Editorial

True to its name: On drugs regulator and COVID-19 vaccines

With a stroke of a pen, the Drugs Controller General of India has put to rest any doubts and concerns that it would rush to grant emergency use approval to COVID-19 vaccines tested and manufactured in India or elsewhere in the absence of sufficient data. The greatly reassuring decision to seek additional safety and immunogenicity data from the Pune-based Serum Institute of India and Hyderabad’s Bharat Biotech underlines the regulator’s priorities even for emergency use approval rather than an early roll-out of vaccines that have not been sufficiently studied. The decision to seek more evidence would mean a slight delay in locally manufactured vaccines becoming available. But it clearly demonstrates that the committee did not misread the announcement by Prime Minister Narendra Modi that a vaccine will be available in the next few weeks as a signal to grant approval in haste. By keeping the approval on hold pending more evidence, the expert committee has done much to generate trust in the regulator’s uncompromising approval process even for emergency use in the midst of the pandemic. However, these manufacturers have unfortunately come out as being in a hurry to seek approval without sufficient data to support their case.

Bharat Biotech’s rush to seek approval is of concern as the company had not submitted any data from its phase-3 trial but relied entirely on the interim safety and immunogenicity data of the phase-1 and phase-2 trials; the company had begun phase-3 trials only in mid-November. While Serum had submitted interim safety and efficacy data of the Oxford vaccine from the phase-2/3 clinical trials carried out in India and other countries, the safety data of the Indian trial submitted was only till mid-November. The phase-3 trials by Serum began on September 21, and since the second dose is administered 28 days after the first, the median follow-up after the second dose would have been for just a few weeks, far less than at least two months that the U.S. FDA had stipulated. With the published data of the interim phase-3 trial of the Oxford vaccine raising some concerns, the committee has rightly sought immunogenicity data from the U.K. trial. While the U.K. has approved the mRNA vaccine from the U.S.-based Pfizer, no country including the U.K. has approved the Oxford vaccine manufactured by London-based AstraZeneca. In September, nine global vaccine manufacturers had signed a joint pledge that they would not seek premature approval from regulatory authorities and would test COVID-19 vaccines to the highest standards and keep “the safety of vaccinated individuals our top priority”. So Indian manufacturers should strive to carry out the trials to the highest ethical standards and submit comprehensive data such that emergency use approval is a sure shot. Any further haste shown in seeking approval for emergency use may turn detrimental and the companies may even run the risk of losing public trust.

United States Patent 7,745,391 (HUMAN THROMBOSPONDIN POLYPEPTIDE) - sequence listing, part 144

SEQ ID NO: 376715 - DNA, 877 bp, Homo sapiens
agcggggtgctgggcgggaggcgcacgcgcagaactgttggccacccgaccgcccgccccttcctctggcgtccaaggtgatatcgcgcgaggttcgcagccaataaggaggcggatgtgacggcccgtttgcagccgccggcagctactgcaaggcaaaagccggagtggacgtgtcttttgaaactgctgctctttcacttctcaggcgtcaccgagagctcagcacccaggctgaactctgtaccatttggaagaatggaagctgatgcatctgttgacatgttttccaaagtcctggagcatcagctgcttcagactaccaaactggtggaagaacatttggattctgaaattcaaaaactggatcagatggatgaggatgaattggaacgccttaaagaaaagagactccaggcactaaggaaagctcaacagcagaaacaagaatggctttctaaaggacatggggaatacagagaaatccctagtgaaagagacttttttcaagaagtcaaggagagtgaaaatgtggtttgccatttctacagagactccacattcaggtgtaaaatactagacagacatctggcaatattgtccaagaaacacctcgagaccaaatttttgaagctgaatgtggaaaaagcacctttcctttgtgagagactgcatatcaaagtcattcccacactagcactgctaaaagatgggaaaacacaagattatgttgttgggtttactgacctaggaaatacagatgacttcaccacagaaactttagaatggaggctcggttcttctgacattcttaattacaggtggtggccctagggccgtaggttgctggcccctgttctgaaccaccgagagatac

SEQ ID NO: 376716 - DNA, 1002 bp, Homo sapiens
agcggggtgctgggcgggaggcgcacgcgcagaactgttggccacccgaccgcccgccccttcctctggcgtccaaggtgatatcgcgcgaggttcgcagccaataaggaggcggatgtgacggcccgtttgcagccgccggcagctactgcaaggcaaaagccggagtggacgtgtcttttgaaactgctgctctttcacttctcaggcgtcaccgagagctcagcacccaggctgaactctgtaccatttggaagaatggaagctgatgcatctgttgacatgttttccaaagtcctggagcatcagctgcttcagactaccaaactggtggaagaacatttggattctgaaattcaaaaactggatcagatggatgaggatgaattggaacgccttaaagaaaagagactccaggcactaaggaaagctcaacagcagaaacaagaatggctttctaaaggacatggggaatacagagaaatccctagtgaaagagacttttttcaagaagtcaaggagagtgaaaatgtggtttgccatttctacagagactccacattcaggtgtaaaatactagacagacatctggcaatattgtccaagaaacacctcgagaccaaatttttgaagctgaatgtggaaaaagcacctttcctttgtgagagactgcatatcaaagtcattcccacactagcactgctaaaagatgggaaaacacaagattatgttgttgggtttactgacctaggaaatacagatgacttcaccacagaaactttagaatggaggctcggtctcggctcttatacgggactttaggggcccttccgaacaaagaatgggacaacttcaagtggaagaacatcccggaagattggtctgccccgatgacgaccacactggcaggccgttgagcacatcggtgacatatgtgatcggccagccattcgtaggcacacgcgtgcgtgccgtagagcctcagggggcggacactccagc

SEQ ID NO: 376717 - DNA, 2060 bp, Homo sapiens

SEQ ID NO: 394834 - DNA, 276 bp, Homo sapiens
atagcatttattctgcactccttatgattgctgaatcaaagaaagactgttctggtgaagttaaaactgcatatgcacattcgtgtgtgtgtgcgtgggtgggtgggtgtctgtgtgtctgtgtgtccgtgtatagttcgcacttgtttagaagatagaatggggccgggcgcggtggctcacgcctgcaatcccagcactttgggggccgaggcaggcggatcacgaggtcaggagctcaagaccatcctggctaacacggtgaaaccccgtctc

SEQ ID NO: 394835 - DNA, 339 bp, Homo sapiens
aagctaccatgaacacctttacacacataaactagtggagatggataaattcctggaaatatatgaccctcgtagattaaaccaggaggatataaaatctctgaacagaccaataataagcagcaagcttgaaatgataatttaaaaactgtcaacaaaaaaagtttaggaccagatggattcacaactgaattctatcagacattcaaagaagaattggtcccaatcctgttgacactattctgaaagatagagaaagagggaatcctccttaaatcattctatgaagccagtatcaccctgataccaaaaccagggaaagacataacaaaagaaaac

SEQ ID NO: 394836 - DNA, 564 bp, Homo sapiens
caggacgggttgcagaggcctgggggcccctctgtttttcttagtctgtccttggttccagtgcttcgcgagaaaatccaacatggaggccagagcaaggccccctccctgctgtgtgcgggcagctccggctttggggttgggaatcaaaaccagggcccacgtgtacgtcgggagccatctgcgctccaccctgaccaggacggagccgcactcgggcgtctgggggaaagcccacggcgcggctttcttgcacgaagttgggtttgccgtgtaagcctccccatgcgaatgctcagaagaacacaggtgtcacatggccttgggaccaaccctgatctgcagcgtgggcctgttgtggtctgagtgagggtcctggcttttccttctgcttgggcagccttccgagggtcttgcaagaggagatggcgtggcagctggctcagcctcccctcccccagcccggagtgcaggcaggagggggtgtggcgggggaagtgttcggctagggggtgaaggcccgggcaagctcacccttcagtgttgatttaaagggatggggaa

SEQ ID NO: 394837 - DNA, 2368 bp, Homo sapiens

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Printable version | May 11, 2021 11:32:46 PM | https://www.thehindu.com/opinion/editorial/true-to-its-name-the-hindu-editoriial-on-drugs-regulator-dcgi-putting-covid-19-vaccines-use-on-hold/article33302488.ece

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